DURHAM, N.C. (WTVD) -- Sheriff Clarence Birkhead said his first full year as sheriff has been fast, intense but successful -- despite what he considers unprecedented gun violence in Durham.
On Wednesday, ABC11 spoke to people who wanted to hear from him about their concerns.
Carmen Quan just moved to Durham from Charlotte four months ago.
She's heard all about the shootings in recent months.
She wants the sheriff to address protecting children from bullets.
"Be free in their yard, in their streets, and not have to worry about getting caught up in gang violence or being overpoliced," Quan said.
"We don't want to overpolice our community. We want to be very targeted and very focused on getting the perpetrators who are committing these acts of gun violence," he said.
READ MORE: One-year progress report from Durham County Sheriff's Office (.pdf)
Birkhead said he's working with Durham Police and the FBI to tackle gun violence, even offering his deputies to help with DPD's gang and intelligence unit.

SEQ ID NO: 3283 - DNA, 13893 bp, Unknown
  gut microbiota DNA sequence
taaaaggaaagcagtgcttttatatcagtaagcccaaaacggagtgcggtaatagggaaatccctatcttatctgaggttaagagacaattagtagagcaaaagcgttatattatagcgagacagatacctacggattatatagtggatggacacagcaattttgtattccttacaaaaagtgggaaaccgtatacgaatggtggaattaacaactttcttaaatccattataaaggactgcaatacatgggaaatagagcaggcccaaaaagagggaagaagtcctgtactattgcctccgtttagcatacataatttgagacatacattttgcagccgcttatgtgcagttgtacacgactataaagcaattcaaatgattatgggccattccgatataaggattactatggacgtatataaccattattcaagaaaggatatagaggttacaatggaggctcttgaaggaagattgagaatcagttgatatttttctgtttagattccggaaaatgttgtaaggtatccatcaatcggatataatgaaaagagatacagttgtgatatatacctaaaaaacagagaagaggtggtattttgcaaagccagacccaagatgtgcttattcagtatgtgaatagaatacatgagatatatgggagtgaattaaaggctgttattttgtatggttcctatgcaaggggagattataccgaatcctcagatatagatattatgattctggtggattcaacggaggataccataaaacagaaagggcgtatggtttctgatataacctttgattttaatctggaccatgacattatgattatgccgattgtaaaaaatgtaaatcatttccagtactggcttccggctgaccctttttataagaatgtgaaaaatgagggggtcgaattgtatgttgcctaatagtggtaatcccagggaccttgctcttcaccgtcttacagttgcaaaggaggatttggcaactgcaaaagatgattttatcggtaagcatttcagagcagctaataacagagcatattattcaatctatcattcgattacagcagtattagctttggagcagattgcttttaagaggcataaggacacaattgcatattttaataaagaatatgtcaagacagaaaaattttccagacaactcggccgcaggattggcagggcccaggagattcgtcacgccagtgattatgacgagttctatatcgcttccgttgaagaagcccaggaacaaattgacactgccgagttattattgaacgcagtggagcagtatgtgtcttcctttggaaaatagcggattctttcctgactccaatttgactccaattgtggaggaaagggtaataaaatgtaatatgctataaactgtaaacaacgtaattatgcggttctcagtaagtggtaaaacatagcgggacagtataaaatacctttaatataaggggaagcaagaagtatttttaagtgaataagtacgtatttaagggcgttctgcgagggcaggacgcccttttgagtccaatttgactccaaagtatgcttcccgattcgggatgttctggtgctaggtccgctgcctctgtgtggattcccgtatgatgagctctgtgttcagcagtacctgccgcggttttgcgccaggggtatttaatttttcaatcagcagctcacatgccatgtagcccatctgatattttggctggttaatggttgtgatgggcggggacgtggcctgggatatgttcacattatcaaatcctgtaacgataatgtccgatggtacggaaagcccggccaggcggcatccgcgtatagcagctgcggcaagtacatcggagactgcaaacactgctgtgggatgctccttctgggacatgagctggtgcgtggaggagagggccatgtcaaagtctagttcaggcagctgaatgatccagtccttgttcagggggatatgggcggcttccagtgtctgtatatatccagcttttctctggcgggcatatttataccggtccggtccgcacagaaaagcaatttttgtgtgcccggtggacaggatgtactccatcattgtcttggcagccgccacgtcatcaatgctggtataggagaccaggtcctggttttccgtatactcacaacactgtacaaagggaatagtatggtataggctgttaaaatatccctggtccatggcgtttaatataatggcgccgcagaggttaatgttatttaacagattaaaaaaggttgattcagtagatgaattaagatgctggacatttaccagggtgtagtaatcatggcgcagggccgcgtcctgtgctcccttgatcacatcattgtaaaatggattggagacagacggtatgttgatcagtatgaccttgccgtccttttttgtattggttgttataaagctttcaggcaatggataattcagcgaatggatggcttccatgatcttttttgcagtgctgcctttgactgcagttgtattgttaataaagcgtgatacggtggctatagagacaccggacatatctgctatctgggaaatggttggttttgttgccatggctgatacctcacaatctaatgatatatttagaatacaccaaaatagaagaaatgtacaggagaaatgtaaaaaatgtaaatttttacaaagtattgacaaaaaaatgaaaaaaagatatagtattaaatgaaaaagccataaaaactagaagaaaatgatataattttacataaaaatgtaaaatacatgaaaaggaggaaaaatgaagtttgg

Birkhead, who is Durham's first black sheriff, said the gun violence keeps him up at night, and hears from neighbors who say they fear being wounded.
"They practice jumping into the bath tub when they hear gunshots. That's unacceptable. That's exactly why STEP was initiated and will continue," Birkhead said.
STEP is a targeted effort among five departments within the sheriff's office to track down wanted suspects.
Since the program's debut in August, deputies have arrested and charged 42 known gun and drug offenders.
One ABC11 viewer wanted to know how Birkhead will improve the School Resource Officer program in Durham Schools. Birkhead said he's begun evaluating current policies and procedures.
"I don't want us to have an adversarial relationship with our students, or faculty or staff," the sheriff said. "I want our SROs to build those relationships in school, so that they can pursue their education."
Birkhead is fully staffed at headquarters.
But the jail is not. There are up to 30 vacancies for detention officers.
The shortage is forcing staff members to work overtime. Birkhead said security is not a problem.
"We still have enough staff to ensure the facility operates at optimal level. We don't fall below minimal staffing," he said.
As for ICE Detainers, Birkhead said he still will not honor them.
The sheriff's office just launched a 26-member community advisory council to advise the sheriff on concerns.
They just met a few weeks ago and will continue each quarter in 2020.
The sheriff said the biggest lesson he's learned about himself since taking office is patience.
One year on job, Durham sheriff responds to community concerns about gun violence